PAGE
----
An Anthology of American Folktales and Legends by ProQuest


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									23695_09_399-436_r3bj.qxp          11/20/09        11:22 AM        Page 399

                     REVIEWS                                                                       1
           An Anthology of American Folktales and Legends. Edited by Frank de Caro.                11
           Armonk, NY: M. E. Sharpe, 2009. 358 pp.                                                 12
                 As Frank de Caro, professor emeritus in English at Louisiana State Univer-        13
           sity, states in his preface, he set out “to present authentic, authoritative texts      14
           that have been recorded by collectors concerned with ethnographic accuracy”             15
           (xv). This comprehensive collection expands the diversity of the American sto-          16
           rytelling canon while combining two important narrative genres in a single              17
           volume.                                                                                 18
                 This Anthology of American Folktales and Legends differs from recent com-         19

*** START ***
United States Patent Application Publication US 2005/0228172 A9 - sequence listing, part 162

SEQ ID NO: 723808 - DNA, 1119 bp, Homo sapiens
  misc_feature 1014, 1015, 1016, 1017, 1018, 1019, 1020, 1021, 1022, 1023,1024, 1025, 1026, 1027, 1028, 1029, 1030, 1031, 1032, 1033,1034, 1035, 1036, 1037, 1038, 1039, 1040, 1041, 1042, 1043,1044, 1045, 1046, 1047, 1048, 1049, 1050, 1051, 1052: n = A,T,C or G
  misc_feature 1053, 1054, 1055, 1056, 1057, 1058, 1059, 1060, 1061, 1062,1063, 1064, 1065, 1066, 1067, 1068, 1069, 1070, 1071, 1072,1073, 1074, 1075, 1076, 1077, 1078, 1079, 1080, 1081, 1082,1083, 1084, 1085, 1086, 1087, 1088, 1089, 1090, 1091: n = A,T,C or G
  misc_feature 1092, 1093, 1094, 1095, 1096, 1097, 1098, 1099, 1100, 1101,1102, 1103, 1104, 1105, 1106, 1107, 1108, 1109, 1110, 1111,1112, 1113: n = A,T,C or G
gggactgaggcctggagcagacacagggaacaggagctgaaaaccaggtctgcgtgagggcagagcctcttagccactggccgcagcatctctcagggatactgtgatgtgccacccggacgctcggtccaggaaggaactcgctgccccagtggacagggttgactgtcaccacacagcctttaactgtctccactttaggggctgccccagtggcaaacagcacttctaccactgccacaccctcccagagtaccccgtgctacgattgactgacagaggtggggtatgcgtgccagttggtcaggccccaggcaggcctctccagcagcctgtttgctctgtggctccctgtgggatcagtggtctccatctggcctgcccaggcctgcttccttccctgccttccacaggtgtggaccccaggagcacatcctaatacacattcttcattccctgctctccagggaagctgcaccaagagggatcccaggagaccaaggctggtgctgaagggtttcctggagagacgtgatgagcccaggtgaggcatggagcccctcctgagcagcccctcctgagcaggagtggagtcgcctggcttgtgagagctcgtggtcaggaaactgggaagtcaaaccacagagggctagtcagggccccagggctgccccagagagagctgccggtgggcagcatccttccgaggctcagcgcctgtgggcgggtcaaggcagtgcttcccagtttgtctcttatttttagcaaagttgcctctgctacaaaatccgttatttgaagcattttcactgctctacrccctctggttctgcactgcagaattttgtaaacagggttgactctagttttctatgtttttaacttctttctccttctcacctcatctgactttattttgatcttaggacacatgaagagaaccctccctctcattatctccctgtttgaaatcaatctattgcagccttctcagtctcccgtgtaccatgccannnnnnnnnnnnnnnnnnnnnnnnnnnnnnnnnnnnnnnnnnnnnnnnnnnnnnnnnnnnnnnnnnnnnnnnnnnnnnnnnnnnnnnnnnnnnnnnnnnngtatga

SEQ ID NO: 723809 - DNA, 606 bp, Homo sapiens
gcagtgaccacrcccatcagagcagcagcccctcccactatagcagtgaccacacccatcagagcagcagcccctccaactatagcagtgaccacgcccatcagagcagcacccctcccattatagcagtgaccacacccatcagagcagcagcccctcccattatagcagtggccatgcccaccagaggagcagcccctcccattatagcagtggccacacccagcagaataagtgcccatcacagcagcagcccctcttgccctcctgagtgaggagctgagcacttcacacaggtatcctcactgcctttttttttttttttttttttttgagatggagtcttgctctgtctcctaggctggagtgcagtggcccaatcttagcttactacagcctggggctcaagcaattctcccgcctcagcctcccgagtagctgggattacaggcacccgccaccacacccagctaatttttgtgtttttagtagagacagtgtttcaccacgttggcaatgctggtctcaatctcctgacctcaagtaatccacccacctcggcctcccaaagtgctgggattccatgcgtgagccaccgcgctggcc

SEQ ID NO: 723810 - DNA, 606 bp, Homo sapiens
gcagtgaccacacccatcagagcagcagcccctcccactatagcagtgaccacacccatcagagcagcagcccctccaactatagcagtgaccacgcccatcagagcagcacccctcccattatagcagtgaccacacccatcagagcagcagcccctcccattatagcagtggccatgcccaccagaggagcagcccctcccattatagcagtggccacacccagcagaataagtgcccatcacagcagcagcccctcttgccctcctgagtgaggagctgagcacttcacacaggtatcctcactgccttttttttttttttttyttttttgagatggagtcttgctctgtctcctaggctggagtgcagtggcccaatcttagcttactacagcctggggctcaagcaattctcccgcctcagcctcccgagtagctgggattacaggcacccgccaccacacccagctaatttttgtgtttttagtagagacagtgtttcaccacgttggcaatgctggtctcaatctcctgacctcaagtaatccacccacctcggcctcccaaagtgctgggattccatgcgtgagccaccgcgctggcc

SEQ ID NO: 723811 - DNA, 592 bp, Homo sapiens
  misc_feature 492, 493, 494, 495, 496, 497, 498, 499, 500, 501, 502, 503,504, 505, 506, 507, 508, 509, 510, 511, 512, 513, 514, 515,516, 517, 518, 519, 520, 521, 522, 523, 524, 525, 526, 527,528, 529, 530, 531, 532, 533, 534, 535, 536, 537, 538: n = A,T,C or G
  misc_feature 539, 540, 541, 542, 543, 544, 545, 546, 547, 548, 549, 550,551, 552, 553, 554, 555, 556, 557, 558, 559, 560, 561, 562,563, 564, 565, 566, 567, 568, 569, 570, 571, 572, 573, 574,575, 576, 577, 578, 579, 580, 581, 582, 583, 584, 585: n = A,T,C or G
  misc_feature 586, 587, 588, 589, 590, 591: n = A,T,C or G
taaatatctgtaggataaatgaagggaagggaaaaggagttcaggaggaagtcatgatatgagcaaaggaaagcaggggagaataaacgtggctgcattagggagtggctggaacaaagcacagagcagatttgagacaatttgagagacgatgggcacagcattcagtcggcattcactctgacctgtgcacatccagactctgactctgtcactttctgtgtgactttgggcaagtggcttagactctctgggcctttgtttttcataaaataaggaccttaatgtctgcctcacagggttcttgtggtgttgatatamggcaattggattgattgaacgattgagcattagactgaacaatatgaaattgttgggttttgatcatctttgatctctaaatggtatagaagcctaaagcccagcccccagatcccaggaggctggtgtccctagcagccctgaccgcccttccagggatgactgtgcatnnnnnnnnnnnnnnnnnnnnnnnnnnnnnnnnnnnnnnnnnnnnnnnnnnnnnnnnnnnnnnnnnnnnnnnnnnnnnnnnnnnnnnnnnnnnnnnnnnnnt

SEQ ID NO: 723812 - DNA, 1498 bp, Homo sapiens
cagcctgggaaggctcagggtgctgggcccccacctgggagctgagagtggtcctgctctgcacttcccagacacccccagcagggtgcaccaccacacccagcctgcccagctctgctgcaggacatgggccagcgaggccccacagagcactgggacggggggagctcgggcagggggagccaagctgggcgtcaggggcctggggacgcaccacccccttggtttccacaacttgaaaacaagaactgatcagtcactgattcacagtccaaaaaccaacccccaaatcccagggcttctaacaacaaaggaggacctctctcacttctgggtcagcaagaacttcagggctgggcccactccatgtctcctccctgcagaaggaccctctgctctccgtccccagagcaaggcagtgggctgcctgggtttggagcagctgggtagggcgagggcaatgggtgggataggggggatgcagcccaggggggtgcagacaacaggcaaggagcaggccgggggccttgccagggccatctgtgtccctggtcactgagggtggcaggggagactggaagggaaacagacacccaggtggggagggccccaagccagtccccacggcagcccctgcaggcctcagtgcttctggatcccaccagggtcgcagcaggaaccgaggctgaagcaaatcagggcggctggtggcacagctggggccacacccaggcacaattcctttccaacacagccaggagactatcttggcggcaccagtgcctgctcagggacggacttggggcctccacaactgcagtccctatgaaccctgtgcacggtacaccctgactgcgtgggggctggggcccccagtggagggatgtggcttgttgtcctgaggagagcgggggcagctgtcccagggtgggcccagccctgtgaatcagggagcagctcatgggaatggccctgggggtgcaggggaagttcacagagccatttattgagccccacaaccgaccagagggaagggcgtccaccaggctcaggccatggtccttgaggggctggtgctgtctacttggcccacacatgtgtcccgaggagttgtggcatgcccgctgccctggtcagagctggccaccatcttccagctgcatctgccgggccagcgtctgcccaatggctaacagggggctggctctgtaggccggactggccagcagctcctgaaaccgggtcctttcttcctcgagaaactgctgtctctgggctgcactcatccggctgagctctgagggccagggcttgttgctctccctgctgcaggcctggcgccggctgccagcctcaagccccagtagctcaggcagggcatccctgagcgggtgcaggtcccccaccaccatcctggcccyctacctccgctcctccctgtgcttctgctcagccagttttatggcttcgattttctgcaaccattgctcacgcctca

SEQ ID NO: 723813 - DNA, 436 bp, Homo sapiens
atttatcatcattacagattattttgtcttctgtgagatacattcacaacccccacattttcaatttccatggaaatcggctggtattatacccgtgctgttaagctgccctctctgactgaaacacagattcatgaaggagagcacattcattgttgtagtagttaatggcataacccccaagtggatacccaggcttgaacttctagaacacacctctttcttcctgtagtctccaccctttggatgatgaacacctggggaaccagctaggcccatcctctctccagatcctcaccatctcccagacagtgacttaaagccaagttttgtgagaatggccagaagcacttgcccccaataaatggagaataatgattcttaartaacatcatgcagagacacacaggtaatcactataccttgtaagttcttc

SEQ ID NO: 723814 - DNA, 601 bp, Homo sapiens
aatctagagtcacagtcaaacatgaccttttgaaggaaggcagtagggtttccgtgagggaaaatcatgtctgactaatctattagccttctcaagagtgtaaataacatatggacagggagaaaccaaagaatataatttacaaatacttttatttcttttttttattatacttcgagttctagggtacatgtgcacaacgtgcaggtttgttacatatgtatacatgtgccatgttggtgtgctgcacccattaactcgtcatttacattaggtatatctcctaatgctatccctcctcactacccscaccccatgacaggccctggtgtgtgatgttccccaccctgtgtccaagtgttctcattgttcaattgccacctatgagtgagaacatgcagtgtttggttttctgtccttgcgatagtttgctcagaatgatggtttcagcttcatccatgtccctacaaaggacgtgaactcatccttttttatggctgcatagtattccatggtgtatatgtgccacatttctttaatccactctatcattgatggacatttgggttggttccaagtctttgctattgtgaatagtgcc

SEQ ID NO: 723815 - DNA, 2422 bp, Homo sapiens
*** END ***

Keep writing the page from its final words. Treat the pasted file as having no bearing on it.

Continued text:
prehensive collections in notable ways. While most folklore collections con-            20
           centrate on either folktales or legends, here they are combined under the same          21
           cover. Unlike Tom Green’s impressive Greenwood Library of American Folktales            22
           (2006), which is organized by American regions, this collection is, for the most        23
           part, organized thematically. Finally, and most importantly, unlike Carl Lindahl’s      24
           American Folktales from the Library of Congress (2004), which focuses on tale-          25
           tellers and orality, this collection is compiled exclusively from pre-published         26
           narratives drawn from folklore journals and book-length collections. Written            27
           sources date from 1898 to 2004, and while some of the selections originated             28
           from field work, others were reprinted from sources such as newspapers and               29
           the Federal Writers Project. Consequently, stories vary from careful tran-              30
           scriptions of stories told by master narrators, to literary embellishments, to          31
           fragmentary references.                                                                 32
                 Both geographically and temporally, the 
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